We recently spoke with Dr. Marisa Porges, head of school at the Baldwin School in Bryn Mawr, Pennsylvania, about her recent book, “What Girls Need,” and how we can teach girls the skills they need to thrive in today’s workplace.
What inspired you to write “What Girls Need,” and why does it matter now?
I was inspired to write the book by the girls at the Baldwin School. I teach a leadership seminar for our seniors. I realized the conversations I was having with them were so future-focused. We always think we are preparing them for college or work, but two-thirds of the jobs our children will have aren’t even invented, so we are trying to prepare them for a world we can’t even define for them. There’s that uncertainty aspect, combined with the fact that they’re growing up in an era where gender barriers still exist.
Research shows there are skills that we have and have not taught our girls effectively, and this results in ways of being that our girls aren’t ready to embrace as adults, such as how to negotiate and persuade or how to compete and take risks. That way of thinking can be taught by building muscle memory starting at a young age. We started practicing and working through scenarios in the seminar, and I realized it was a conversation I wanted to share more broadly. It resulted in a passion project!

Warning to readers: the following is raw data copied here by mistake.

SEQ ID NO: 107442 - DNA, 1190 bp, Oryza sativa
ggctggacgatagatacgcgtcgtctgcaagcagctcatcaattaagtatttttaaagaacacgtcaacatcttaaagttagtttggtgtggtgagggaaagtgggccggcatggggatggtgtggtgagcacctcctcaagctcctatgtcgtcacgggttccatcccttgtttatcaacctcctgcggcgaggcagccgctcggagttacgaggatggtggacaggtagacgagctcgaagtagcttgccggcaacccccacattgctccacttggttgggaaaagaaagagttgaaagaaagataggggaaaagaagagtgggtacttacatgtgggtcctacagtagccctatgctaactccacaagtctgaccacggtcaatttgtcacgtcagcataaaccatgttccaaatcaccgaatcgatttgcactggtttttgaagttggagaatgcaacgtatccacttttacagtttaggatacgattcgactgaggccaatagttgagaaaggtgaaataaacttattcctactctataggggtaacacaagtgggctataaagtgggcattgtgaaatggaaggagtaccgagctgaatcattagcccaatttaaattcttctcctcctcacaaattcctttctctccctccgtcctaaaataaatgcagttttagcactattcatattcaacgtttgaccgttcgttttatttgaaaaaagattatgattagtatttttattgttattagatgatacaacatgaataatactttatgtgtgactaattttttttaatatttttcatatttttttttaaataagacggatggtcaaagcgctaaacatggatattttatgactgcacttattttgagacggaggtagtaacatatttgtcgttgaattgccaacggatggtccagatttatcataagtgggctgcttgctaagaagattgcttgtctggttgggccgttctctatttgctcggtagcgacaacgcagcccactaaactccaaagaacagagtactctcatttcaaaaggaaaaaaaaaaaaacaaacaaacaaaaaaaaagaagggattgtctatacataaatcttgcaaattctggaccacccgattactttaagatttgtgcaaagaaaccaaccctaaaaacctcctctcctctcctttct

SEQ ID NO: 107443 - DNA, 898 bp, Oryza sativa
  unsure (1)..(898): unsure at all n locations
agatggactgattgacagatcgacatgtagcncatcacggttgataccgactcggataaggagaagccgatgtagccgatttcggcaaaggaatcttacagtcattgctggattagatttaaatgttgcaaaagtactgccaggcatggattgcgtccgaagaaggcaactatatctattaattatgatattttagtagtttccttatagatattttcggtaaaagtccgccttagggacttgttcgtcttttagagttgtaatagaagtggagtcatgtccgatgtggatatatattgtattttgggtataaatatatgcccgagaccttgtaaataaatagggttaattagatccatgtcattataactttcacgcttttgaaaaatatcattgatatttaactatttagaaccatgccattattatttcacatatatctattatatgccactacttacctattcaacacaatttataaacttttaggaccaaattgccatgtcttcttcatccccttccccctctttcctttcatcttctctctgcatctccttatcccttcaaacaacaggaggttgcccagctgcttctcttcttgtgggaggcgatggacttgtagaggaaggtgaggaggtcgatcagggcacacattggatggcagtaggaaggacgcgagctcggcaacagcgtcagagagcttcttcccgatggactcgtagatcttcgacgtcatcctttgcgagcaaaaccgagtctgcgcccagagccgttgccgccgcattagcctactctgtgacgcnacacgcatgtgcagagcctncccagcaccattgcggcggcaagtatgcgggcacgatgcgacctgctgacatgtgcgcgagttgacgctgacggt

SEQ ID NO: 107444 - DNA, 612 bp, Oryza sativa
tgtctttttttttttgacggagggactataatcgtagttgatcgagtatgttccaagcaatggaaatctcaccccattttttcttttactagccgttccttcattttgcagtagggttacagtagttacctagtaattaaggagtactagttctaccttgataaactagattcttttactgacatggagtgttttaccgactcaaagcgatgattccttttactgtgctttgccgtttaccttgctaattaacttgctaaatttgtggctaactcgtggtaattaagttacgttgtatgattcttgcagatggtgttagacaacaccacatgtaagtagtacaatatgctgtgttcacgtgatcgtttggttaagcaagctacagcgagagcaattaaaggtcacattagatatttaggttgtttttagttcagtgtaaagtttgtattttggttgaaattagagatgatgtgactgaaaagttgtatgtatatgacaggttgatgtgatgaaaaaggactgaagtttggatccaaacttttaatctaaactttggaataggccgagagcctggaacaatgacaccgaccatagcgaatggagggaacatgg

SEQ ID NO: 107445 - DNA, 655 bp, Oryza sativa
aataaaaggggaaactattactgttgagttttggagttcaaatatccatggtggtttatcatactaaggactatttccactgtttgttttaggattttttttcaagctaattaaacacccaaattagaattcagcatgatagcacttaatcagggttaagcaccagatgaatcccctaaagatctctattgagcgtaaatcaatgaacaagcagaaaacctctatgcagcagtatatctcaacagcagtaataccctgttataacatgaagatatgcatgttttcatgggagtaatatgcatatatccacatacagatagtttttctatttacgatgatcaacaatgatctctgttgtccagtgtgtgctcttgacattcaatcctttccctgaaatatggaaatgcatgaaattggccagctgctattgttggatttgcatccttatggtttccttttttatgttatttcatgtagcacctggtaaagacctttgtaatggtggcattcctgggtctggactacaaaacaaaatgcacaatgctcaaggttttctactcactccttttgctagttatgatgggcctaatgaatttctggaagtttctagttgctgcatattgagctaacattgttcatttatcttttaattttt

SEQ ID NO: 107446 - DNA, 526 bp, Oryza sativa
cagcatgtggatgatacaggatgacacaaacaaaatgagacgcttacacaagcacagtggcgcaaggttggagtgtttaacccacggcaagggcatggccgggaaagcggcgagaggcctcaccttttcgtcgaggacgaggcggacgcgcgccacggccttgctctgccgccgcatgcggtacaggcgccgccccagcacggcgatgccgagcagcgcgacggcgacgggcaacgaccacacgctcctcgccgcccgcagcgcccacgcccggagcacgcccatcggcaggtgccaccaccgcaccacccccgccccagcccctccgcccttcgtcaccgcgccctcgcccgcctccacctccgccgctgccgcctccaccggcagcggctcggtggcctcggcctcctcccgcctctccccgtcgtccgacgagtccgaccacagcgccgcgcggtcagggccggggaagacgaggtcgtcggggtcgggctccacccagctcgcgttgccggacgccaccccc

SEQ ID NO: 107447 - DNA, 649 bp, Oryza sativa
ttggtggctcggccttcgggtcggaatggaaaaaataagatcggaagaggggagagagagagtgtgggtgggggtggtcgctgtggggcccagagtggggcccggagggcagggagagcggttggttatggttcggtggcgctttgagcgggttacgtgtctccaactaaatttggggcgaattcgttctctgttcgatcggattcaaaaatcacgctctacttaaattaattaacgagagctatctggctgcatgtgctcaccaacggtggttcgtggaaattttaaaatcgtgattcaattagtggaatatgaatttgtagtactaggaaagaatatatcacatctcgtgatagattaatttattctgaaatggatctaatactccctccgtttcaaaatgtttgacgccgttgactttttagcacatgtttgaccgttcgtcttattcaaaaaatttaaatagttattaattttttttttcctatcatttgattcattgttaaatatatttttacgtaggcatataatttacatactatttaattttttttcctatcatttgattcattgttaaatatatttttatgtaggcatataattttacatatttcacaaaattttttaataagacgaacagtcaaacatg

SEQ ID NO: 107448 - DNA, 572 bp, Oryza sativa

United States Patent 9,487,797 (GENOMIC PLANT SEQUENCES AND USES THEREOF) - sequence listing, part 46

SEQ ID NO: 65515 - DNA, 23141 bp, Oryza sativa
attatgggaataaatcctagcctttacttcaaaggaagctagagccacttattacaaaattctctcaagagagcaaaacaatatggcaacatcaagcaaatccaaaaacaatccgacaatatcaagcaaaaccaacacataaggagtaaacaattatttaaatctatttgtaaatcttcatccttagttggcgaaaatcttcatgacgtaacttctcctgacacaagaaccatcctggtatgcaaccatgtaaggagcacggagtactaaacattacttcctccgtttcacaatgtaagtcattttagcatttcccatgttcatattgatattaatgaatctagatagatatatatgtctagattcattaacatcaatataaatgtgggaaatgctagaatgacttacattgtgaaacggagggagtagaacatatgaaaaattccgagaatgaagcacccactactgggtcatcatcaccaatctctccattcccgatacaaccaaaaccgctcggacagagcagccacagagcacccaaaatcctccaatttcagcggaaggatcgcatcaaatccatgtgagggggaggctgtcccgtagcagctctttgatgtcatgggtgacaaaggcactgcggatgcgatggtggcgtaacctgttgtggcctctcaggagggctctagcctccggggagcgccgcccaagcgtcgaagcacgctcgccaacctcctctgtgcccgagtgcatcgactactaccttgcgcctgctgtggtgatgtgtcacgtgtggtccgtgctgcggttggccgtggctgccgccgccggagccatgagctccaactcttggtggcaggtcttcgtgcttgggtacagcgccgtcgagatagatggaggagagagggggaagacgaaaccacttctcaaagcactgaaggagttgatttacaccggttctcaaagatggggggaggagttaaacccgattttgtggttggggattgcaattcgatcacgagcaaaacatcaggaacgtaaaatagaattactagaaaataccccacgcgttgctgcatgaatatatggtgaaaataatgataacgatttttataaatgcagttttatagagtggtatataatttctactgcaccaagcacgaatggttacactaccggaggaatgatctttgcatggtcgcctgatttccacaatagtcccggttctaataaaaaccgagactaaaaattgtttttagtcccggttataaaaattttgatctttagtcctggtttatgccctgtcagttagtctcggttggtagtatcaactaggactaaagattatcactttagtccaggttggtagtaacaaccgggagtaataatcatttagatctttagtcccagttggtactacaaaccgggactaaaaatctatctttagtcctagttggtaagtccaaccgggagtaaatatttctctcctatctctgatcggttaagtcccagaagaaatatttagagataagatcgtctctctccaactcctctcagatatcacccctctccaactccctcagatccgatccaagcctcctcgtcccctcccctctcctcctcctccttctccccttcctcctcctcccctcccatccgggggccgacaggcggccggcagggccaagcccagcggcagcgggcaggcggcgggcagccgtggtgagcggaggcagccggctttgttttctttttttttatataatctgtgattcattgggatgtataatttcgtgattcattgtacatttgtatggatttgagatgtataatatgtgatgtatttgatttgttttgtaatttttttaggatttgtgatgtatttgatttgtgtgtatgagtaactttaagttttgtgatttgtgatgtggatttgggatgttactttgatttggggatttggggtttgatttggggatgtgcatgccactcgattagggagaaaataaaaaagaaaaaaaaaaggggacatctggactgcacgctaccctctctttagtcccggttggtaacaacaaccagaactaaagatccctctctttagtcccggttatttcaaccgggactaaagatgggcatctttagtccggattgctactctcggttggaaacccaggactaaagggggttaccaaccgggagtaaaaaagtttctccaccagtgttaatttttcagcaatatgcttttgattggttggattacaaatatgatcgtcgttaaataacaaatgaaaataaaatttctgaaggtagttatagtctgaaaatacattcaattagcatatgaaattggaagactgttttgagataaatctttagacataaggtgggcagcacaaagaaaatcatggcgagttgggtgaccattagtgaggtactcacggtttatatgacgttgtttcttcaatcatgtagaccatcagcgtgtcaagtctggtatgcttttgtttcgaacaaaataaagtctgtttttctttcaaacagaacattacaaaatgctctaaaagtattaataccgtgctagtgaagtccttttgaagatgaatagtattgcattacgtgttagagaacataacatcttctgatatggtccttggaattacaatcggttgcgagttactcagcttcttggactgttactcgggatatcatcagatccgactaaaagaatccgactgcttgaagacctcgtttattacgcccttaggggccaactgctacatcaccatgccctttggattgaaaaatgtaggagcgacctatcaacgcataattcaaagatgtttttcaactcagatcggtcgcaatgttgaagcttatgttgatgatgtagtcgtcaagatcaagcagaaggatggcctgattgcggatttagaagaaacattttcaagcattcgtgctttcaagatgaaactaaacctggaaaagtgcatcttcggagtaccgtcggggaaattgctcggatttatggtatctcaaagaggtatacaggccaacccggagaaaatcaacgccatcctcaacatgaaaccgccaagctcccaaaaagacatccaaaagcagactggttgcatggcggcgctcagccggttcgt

You say in the book that being persuasive is essential for success. How do we teach self-advocacy to girls?
This is one of the skills that is essential for us to think about for girls. If we are going to find an area of challenge for women and girls, it’s how we speak up, particularly in mixed-gender settings. It starts at a young age. Research has shown that on a playground where you have boys and girls together, boys are three times more likely to speak up and have their voice heard. You take those same girls and put them just with girls, and they will speak up more often; they feel socialized and more comfortable. This is the reality for adult women as well, no matter their industry.
We have to help today’s girls build the muscle memory that it takes to effectively have their voice heard. Make sure your daughter understands that her voice is valuable and help her find age-appropriate ways to speak up and argue her point. This could be at a restaurant, around the dining room table or even in the car ride home from school. In middle school, if there’s a problem in class, have your daughter speak up for what she needs, whether it’s with a teacher, coach or school counselor.